Resolved: Not Resolved

The bar debate last night was about the following resolution: “Resolved: The Anglican Communion is too progressive.” I’ll have more to say about this discussion another time. I’d like to make a rather different comment now.

The liberal-conservative, progressive-traditional split in the Episcopal Church which was the subject of the debate tends not to be present in most parishes, especially in Manhattan. Here, the individual churches tend to one side or the other, and the rectors follow that pattern. So do the assistants appointed by the rectors.

Here at Incarnation, we have almost always had rectors on the conservative side politically and assistants on the liberal side. I’ve been asked more than once why I don’t appoint a fellow conservative as a colleague. This is, I believe, the universal practice in the other Manhattan parishes.

My answer is that I want laypeople of all political persuasions to feel comfortable at Incarnation. One way to insure that comfort is to provide and breadth and inclusiveness to the clergy. I think that’s the best way to go, even if some questions remain unresolved. —J. Douglas Ousley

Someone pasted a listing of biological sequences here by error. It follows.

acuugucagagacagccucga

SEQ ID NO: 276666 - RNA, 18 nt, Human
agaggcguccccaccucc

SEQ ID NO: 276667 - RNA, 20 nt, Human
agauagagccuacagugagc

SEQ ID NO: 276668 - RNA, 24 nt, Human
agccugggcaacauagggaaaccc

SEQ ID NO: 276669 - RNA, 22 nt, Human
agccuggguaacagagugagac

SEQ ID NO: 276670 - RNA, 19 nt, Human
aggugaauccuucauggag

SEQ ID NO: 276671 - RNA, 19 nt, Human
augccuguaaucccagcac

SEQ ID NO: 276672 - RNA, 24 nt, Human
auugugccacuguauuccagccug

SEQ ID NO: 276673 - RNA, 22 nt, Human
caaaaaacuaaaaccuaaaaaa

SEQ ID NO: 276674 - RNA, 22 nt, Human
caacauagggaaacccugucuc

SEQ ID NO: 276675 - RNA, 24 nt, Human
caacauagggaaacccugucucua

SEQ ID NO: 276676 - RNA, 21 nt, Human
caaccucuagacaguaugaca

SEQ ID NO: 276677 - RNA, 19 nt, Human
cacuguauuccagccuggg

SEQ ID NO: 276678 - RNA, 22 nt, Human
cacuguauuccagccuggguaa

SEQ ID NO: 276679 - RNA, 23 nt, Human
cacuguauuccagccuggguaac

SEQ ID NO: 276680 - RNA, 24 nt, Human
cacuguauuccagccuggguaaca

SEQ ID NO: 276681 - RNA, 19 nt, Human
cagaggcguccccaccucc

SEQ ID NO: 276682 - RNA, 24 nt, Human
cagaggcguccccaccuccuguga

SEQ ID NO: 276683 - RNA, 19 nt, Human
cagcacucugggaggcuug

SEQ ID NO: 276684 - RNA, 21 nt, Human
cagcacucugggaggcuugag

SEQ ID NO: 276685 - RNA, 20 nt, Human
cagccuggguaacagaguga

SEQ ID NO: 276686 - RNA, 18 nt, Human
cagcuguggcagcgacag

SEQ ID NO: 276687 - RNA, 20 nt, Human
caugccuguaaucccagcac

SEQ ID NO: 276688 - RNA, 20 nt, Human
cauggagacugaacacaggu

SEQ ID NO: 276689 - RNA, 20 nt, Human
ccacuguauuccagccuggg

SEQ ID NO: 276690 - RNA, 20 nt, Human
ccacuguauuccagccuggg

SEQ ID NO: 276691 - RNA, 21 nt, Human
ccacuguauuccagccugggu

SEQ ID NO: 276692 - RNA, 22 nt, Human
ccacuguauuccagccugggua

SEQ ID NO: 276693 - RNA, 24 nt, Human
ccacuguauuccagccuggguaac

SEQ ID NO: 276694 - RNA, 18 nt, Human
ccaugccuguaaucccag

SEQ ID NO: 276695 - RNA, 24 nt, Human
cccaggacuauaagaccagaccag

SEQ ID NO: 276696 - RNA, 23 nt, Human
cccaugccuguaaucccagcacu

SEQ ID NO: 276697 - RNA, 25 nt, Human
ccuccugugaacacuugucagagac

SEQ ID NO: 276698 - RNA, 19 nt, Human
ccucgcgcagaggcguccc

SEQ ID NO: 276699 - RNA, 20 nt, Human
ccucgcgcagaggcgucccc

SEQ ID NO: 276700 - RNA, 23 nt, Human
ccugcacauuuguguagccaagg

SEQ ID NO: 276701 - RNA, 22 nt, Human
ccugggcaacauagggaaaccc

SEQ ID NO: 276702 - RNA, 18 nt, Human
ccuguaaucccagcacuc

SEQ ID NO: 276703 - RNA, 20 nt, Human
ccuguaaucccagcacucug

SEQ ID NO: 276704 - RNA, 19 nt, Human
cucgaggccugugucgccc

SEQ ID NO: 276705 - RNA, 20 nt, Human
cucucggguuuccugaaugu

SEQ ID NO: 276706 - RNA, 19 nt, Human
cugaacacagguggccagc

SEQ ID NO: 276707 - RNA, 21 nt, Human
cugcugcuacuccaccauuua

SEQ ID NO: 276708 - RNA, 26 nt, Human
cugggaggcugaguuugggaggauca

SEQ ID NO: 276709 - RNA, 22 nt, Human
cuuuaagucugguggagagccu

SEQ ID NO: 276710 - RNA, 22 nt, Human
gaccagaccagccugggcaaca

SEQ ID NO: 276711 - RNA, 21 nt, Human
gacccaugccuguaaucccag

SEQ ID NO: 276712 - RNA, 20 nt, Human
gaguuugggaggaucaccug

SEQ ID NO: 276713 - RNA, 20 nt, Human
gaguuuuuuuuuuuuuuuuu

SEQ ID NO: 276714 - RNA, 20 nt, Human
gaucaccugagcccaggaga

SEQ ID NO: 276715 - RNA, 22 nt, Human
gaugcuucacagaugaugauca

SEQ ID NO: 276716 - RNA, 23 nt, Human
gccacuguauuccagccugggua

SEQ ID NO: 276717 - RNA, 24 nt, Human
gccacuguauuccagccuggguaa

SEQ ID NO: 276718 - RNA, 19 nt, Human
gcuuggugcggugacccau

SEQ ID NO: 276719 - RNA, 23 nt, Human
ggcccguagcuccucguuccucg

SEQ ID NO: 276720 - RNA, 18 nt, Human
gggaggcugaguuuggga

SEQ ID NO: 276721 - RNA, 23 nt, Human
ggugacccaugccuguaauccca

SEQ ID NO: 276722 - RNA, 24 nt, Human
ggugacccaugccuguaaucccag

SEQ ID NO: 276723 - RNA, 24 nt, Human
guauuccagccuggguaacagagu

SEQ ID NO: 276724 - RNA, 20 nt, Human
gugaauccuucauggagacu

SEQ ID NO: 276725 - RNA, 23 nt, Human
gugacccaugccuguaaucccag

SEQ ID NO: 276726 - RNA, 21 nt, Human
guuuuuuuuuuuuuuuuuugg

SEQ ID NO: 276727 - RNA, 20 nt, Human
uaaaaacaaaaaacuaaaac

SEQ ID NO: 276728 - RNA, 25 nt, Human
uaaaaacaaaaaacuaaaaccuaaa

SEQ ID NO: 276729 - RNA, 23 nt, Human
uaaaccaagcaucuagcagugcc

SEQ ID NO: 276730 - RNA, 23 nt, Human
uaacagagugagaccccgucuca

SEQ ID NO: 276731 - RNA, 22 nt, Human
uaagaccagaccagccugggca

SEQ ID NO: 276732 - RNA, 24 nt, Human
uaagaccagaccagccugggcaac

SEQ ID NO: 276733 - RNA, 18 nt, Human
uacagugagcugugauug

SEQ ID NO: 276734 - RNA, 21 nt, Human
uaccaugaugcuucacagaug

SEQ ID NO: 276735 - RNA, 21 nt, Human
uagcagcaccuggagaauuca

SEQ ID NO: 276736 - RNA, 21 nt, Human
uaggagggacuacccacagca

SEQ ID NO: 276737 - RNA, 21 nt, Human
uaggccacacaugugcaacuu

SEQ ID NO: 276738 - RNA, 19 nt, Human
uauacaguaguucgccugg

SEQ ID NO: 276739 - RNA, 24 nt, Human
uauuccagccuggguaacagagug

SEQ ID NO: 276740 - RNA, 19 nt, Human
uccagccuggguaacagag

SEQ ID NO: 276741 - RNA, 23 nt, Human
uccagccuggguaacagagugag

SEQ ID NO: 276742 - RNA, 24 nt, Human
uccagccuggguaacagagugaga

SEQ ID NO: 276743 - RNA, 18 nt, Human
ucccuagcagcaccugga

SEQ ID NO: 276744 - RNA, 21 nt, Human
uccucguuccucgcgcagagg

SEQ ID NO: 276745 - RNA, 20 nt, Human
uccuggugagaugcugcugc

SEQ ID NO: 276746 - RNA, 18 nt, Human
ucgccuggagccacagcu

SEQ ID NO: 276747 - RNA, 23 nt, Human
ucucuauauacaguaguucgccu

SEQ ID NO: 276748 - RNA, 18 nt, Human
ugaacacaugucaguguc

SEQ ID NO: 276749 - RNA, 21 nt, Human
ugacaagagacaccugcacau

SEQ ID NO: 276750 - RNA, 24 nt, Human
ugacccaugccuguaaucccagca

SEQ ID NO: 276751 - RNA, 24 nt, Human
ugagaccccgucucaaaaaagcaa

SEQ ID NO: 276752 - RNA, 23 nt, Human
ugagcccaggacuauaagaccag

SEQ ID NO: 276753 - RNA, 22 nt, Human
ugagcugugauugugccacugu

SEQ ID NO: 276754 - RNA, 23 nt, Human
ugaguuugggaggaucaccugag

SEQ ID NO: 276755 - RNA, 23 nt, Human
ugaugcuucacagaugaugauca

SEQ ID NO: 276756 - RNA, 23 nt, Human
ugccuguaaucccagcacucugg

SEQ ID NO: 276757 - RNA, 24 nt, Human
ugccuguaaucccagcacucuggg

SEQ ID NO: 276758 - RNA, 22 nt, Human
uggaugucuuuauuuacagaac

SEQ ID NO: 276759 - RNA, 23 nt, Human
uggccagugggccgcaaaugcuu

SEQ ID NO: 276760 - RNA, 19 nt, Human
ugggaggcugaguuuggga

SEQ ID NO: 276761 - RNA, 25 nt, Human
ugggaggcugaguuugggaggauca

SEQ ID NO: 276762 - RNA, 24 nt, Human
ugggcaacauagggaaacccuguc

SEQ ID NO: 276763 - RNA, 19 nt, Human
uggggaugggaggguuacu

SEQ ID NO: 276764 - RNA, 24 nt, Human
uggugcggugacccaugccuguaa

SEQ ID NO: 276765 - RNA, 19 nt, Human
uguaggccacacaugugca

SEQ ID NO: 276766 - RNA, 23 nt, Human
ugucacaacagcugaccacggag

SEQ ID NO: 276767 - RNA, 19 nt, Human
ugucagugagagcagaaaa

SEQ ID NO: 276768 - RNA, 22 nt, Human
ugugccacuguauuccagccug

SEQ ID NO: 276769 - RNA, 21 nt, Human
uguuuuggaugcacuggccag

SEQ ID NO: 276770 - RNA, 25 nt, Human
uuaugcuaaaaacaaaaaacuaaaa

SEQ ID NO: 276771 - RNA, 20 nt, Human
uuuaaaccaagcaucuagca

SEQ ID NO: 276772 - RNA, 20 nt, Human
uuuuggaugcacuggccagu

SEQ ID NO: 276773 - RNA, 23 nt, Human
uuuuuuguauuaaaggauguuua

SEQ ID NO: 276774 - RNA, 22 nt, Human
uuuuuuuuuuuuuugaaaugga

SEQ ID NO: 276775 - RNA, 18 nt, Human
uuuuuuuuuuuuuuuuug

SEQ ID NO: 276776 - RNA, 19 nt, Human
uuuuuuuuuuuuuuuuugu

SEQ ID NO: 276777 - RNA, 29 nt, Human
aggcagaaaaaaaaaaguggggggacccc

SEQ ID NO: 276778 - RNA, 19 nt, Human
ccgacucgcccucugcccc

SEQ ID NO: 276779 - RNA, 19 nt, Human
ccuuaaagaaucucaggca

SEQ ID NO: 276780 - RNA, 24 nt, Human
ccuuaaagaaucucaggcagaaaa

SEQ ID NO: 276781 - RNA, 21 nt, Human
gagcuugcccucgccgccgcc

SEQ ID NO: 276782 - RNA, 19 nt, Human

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2 Responses to “Resolved: Not Resolved”

  1. Christopher Stromee says:

    It is just well that neither rector nor assistant are vocal about their particular political positions. The absence of comment on political issues,of course, may suggest a position!

  2. John says:

    Today the very definition of what is a liberal or a conservative is changing as well. It’s certainly not nearly the same when I went to college in the 80s. I think common sense dictates that the solutions to our problems lie somewhere in the middle. As we become more integrated with the world community through global politics, military and economic cooperation, it is only natural that internal dissent may rise for fear of losing a national identity. This in turn puts clergy in a difficult position trying not to alienate any side. However, I must say that at Incarnation I feel very much at ease, and everyone respects other’s opinions. I can’t speak for other parishes, but in ours this harmony can only be achieved through the fairness and brilliance of our Rector’s leadership as well as his ability to make everyone feel at home.

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